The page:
ESPN Baseball Insider Buster Olney on Rangers slugger Josh Hamilton’s torrid pace to begin the season:
“Josh Hamilton has 18 homers in the Rangers’ first 34 games, something nobody has ever done in the history of baseball. But here’s another number that is a little stunning: Hamilton has just 13 walks, with five of those being intentional.
How unusual is that 18-to-13 home run-to-walk ratio Hamilton currently has?
Well, consider the number of walks drawn by the greatest single-season home run leaders in history:
1. Barry Bonds, 2001: 73 homers, 177 walks
2. Mark McGwire, 1998: 70 homers, 162 walks
3. Sammy Sosa, 1998: 66 homers, 73 walks
4. McGwire, 1999: 65 homers, 133 walks
5. Sosa 2001: 64 homers, 116 walks
6. Sosa, 1999: 63 homers, 78 walks
7. Roger Maris, 1961: 61 homers, 94 walks
8. Babe Ruth, 1927: 60 homers, 137 walks
9. Ruth, 1921: 59 homers, 145 walks
The pitchers have always reached a tipping point in dealing with a hitter as good as Hamilton is right now, when they decide the risk of facing the hitters behind Hamilton is lower than it would be to throw a pitch to the slugger.
Tyler Kepner of the New York Times on the successful debut of Nationals rookie Bryce Harper:
“Once it was Willie Mays playing stickball in Harlem. Now we have Bryce Harper playing softball by the Washington Monument.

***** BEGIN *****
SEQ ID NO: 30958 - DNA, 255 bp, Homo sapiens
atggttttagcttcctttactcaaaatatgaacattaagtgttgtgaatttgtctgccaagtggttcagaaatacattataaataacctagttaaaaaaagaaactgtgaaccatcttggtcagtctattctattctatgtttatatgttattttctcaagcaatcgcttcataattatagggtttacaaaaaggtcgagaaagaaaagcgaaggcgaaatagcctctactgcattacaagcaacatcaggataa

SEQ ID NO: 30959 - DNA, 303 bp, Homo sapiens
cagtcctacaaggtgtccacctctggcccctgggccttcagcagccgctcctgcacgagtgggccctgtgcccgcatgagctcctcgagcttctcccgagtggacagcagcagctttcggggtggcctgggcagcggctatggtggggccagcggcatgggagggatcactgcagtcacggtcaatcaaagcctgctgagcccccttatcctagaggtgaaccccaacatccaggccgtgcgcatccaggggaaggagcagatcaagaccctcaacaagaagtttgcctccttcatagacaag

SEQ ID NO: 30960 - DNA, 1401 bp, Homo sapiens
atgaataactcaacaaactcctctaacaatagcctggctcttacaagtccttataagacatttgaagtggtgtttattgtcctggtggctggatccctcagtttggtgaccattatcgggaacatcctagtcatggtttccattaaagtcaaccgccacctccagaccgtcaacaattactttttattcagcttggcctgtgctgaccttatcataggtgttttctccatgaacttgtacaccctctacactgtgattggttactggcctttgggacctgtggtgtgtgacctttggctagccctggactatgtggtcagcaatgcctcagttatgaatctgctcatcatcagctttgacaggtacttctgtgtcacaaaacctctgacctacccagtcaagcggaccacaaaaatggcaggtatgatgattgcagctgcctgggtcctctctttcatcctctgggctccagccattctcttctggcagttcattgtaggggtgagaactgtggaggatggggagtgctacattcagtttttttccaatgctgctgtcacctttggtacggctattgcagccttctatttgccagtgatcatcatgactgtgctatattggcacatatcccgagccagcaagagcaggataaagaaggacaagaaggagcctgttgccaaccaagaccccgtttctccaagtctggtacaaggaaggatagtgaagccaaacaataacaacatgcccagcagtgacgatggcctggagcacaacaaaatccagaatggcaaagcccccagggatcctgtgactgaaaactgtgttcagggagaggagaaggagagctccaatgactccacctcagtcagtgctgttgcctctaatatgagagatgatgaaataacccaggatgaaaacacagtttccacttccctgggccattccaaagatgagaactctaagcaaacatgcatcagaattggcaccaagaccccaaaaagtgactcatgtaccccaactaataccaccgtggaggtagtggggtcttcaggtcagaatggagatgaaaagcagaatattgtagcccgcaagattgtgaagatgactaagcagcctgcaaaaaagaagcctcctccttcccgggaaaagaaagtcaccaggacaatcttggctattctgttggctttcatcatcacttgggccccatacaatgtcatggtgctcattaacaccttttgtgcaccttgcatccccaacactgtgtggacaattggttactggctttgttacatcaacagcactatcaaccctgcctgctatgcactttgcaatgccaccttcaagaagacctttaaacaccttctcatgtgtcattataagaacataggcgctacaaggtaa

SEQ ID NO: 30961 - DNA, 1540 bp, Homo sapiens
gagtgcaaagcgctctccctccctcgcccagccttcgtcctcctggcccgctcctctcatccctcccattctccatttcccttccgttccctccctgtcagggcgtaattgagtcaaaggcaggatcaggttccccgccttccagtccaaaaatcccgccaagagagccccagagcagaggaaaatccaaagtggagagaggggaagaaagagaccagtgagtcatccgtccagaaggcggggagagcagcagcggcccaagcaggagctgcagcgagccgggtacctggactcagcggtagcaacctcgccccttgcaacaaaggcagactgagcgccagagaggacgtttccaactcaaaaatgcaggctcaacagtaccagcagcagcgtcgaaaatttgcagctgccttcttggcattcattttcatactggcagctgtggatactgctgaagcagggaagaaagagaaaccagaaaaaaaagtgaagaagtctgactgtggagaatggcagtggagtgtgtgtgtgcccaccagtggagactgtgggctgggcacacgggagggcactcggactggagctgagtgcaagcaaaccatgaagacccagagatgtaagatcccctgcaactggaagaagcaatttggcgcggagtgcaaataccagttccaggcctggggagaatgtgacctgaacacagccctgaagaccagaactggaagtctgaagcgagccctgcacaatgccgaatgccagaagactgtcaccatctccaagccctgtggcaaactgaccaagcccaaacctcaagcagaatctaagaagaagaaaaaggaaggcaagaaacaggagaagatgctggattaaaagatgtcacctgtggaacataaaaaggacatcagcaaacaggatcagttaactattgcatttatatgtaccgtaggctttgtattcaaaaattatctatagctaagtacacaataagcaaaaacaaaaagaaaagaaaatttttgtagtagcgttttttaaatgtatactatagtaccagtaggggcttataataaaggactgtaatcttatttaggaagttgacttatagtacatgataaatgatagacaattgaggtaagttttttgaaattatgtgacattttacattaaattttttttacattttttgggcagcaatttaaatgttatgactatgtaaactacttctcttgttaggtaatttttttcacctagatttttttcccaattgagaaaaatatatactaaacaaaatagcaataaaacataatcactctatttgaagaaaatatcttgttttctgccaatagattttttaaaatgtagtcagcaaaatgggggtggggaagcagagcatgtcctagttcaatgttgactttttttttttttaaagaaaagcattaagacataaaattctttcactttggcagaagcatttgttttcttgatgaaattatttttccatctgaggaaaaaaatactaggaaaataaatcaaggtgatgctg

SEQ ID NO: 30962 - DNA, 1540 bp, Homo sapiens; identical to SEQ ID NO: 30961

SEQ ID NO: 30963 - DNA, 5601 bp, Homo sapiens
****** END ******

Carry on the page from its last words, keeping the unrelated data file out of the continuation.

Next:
It happened on Monday, the day before Harper’s home debut for the Washington Nationals, a mostly uneventful 5-1 loss to Arizona. Steven Marcus, a gift-planning officer for the World Wildlife Fund, was pitching at a field on the National Mall when a 19-year-old left-hander in jeans and a long sleeve T-shirt stepped to the plate.
“I said, ‘This guy looks vaguely familiar,’ with his funny haircut and all,” said Marcus, 34. “My first baseman said: ‘You might want to back up. That’s Bryce Harper.’ When he was taking that big swing, I was terrified. If he connected and that came right back at me, I’d be in a little bit of trouble.”
Harper whiffed on Marcus’s first pitch before lifting a fly ball to right. By the time Harper met reporters at Nationals Park on Tuesday, his first — very unofficial — at-bat in Washington was growing into legend.